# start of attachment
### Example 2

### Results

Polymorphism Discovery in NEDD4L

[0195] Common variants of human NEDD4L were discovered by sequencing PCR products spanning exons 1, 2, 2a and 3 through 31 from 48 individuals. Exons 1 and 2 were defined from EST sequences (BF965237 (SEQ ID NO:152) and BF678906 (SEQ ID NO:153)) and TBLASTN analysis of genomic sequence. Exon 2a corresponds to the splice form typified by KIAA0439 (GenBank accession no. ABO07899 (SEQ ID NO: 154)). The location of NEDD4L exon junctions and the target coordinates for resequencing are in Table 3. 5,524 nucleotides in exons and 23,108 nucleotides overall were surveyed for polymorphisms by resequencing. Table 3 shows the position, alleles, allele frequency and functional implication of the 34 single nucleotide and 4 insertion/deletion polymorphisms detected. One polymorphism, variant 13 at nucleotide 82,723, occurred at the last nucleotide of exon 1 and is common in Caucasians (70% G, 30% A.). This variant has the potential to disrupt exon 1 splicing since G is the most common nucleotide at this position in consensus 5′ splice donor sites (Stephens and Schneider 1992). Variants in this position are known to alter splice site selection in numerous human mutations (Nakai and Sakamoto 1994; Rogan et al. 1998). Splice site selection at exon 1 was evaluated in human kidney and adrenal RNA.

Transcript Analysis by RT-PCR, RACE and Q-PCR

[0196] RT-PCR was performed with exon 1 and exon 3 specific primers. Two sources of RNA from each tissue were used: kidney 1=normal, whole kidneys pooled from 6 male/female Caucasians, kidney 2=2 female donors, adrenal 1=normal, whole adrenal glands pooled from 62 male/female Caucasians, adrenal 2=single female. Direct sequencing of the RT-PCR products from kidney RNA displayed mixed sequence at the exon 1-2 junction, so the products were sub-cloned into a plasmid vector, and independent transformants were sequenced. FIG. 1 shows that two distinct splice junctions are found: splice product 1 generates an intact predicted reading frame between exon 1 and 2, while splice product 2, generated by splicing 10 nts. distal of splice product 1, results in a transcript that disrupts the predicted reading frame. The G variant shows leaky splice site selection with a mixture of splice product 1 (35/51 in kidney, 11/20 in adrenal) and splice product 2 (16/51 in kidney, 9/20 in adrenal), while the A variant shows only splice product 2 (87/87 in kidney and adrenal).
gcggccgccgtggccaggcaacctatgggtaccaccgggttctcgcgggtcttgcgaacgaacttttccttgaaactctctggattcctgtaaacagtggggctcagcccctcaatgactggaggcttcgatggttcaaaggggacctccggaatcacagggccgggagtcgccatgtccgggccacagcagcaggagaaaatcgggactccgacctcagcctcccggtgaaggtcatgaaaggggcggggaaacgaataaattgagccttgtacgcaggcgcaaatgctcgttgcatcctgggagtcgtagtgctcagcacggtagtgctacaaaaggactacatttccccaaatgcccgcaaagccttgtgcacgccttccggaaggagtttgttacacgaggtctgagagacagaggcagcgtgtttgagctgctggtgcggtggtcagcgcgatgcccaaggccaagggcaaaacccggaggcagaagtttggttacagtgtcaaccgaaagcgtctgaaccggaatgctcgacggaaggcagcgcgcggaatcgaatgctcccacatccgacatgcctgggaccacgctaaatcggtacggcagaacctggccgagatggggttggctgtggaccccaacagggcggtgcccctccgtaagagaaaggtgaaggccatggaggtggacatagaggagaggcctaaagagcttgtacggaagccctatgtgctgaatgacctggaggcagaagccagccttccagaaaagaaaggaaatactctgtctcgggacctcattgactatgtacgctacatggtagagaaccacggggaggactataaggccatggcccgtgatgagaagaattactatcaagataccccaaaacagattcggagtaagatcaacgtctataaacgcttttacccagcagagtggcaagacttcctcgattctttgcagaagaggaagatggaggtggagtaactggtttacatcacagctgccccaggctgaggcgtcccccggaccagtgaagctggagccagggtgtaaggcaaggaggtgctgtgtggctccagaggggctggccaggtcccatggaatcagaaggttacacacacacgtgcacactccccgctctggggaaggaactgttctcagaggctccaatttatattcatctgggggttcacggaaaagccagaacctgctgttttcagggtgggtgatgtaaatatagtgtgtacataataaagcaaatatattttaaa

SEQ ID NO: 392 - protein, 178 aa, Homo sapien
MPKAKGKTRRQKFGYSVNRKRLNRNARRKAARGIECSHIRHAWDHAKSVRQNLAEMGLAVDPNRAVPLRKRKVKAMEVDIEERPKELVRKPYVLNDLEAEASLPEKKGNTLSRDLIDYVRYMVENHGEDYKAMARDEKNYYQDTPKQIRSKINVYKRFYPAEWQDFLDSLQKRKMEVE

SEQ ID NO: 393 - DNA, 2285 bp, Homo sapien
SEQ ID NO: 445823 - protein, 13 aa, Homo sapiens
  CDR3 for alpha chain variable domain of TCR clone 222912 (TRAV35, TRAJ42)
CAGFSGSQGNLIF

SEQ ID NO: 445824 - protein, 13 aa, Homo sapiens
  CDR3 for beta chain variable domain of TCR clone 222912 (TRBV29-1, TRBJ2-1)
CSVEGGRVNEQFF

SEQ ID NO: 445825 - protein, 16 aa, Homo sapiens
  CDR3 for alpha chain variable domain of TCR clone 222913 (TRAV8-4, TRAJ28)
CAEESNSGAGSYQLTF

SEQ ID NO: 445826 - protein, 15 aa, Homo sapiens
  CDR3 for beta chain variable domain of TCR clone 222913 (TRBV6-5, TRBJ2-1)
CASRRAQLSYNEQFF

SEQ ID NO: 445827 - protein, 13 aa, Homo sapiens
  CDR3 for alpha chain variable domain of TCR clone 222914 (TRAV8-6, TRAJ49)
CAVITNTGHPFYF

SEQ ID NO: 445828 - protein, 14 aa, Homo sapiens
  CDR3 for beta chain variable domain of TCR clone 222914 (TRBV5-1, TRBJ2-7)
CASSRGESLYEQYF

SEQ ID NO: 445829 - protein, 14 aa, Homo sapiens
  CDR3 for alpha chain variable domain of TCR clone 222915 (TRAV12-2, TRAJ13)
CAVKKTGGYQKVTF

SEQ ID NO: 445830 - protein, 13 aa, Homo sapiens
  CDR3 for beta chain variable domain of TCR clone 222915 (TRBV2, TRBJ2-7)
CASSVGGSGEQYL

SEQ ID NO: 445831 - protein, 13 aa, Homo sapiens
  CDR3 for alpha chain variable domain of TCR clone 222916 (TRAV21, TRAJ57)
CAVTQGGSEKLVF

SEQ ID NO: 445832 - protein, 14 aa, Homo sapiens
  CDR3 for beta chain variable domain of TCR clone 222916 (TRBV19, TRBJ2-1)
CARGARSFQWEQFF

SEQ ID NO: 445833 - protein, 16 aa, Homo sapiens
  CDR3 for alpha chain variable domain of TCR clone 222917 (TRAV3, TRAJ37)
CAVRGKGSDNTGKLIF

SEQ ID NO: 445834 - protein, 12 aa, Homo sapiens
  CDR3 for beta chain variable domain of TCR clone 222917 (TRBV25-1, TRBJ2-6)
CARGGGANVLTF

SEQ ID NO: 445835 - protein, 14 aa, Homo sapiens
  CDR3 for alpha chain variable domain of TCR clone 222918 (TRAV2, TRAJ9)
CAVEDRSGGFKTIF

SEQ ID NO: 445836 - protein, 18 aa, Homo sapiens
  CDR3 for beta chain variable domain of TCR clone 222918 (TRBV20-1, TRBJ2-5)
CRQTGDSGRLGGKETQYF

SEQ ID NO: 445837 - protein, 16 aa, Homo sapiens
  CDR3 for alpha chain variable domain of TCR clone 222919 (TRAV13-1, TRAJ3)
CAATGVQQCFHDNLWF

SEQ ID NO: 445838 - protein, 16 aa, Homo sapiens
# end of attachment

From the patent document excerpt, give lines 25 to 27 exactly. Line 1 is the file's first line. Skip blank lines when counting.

CAVITNTGHPFYF

SEQ ID NO: 445828 - protein, 14 aa, Homo sapiens
  CDR3 for beta chain variable domain of TCR clone 222914 (TRBV5-1, TRBJ2-7)